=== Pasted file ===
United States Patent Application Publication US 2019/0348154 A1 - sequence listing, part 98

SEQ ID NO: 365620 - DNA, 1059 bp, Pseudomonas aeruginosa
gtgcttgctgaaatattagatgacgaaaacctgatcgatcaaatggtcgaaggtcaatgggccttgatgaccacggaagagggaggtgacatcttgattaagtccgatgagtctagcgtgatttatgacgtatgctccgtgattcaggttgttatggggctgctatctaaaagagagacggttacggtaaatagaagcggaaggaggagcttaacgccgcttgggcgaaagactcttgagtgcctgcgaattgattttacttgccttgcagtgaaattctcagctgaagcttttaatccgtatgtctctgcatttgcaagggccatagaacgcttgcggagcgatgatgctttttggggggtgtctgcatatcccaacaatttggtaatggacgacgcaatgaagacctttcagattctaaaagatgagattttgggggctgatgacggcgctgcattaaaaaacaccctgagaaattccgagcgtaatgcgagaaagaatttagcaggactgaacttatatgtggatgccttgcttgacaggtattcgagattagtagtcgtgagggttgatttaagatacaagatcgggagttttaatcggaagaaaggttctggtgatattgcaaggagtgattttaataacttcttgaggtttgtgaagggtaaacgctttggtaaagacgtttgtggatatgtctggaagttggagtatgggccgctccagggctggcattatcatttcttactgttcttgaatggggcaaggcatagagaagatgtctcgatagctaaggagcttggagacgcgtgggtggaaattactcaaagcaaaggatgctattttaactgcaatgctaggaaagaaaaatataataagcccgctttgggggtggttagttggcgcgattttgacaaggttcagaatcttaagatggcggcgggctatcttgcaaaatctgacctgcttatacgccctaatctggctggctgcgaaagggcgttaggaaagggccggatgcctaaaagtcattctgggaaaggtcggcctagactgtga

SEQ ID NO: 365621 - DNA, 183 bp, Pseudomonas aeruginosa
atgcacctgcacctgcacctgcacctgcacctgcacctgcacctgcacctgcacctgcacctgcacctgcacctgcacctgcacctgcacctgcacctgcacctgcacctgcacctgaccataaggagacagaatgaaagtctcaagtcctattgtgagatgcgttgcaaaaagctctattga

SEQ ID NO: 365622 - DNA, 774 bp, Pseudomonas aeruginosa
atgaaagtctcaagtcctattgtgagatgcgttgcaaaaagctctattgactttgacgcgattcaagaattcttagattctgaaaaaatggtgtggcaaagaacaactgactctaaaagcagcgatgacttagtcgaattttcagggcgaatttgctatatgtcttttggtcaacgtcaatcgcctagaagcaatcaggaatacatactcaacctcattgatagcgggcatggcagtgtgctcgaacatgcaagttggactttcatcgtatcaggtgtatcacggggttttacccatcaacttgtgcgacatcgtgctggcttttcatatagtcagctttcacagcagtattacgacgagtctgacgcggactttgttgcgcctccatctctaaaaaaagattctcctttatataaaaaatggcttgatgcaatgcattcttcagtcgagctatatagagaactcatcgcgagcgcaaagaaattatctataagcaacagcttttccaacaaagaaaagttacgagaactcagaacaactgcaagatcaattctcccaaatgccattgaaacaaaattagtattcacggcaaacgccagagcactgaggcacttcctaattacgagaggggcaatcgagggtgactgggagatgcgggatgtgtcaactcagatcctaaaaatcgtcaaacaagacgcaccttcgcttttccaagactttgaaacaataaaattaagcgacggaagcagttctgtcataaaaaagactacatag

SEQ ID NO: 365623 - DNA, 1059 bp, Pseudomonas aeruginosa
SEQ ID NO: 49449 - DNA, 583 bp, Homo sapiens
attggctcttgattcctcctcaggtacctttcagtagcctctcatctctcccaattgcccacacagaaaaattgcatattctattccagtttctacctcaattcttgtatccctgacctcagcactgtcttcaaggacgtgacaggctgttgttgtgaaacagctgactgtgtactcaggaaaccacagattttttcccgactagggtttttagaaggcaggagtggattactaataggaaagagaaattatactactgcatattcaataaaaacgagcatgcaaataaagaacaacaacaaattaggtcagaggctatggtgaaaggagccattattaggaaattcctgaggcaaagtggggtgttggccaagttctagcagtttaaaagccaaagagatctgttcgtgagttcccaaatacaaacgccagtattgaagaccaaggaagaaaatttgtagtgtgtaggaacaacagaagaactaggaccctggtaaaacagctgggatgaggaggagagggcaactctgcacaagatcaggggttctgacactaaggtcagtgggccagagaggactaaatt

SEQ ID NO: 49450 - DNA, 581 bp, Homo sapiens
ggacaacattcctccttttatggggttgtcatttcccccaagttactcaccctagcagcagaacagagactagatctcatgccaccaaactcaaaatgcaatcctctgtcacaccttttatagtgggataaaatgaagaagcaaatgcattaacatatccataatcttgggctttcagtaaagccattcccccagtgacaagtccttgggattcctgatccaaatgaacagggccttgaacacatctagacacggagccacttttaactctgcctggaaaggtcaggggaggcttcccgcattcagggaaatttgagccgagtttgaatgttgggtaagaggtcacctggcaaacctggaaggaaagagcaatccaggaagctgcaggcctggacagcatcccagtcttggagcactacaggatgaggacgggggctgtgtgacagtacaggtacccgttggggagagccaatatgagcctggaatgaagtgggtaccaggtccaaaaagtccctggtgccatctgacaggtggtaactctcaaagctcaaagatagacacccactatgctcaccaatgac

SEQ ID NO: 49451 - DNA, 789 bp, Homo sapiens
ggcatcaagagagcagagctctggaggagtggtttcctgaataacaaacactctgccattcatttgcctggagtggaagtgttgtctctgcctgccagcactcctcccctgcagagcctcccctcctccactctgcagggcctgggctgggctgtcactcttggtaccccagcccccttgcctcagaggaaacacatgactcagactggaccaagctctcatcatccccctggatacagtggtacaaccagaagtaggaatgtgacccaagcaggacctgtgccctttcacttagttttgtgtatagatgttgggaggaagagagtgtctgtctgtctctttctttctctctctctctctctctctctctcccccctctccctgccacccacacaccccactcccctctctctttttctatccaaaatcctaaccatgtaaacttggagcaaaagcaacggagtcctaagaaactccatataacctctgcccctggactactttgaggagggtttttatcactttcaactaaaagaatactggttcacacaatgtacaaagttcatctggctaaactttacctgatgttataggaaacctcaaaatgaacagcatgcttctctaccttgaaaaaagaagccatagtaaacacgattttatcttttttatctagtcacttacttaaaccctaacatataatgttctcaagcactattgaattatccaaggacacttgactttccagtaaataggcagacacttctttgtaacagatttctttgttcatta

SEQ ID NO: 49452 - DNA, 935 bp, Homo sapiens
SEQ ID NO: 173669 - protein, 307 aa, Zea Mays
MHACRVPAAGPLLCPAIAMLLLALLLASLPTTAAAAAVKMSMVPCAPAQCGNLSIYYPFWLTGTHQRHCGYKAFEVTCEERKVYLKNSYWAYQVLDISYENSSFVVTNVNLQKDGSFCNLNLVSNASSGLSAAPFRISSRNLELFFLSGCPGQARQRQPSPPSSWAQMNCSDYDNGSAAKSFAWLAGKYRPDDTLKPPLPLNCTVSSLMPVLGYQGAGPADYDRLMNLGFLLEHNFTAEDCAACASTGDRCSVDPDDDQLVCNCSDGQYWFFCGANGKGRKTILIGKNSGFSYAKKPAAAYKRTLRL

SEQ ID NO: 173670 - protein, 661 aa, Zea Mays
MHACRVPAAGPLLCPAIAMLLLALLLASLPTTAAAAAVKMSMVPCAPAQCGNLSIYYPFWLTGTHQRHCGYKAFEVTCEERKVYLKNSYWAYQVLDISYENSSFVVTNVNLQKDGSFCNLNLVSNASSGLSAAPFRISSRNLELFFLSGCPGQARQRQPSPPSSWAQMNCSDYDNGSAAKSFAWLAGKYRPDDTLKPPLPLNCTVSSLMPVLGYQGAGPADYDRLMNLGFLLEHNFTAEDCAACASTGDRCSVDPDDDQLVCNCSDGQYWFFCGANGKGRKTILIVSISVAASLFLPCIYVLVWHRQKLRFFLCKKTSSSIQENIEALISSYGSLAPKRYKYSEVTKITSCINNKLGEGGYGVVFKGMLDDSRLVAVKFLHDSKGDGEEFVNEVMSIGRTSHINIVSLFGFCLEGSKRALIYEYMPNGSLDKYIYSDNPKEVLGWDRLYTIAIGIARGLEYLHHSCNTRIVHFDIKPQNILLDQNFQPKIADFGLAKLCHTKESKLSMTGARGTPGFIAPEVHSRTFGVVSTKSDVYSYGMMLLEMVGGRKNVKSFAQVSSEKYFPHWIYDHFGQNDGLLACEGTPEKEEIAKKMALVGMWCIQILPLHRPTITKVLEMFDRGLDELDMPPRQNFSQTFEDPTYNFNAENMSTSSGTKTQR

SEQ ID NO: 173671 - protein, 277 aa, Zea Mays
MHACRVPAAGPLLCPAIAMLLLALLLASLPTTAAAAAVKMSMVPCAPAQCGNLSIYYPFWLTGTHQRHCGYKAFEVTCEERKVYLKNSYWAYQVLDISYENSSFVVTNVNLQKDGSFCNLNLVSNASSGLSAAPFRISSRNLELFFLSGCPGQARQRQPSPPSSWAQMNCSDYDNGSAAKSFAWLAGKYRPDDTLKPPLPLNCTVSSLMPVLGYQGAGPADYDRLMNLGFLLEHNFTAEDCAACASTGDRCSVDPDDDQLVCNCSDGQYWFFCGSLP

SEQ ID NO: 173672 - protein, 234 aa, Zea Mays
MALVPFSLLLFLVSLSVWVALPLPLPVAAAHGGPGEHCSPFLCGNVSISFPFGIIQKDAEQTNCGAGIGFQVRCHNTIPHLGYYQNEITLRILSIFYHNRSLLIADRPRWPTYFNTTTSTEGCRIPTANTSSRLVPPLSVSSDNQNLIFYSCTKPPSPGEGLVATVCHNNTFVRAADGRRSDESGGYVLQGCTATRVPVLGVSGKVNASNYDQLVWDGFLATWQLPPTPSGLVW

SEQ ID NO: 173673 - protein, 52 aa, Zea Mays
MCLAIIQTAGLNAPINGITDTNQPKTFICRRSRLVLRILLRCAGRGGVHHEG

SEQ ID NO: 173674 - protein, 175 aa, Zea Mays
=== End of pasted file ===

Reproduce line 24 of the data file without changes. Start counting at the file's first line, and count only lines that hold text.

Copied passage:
SEQ ID NO: 173673 - protein, 52 aa, Zea Mays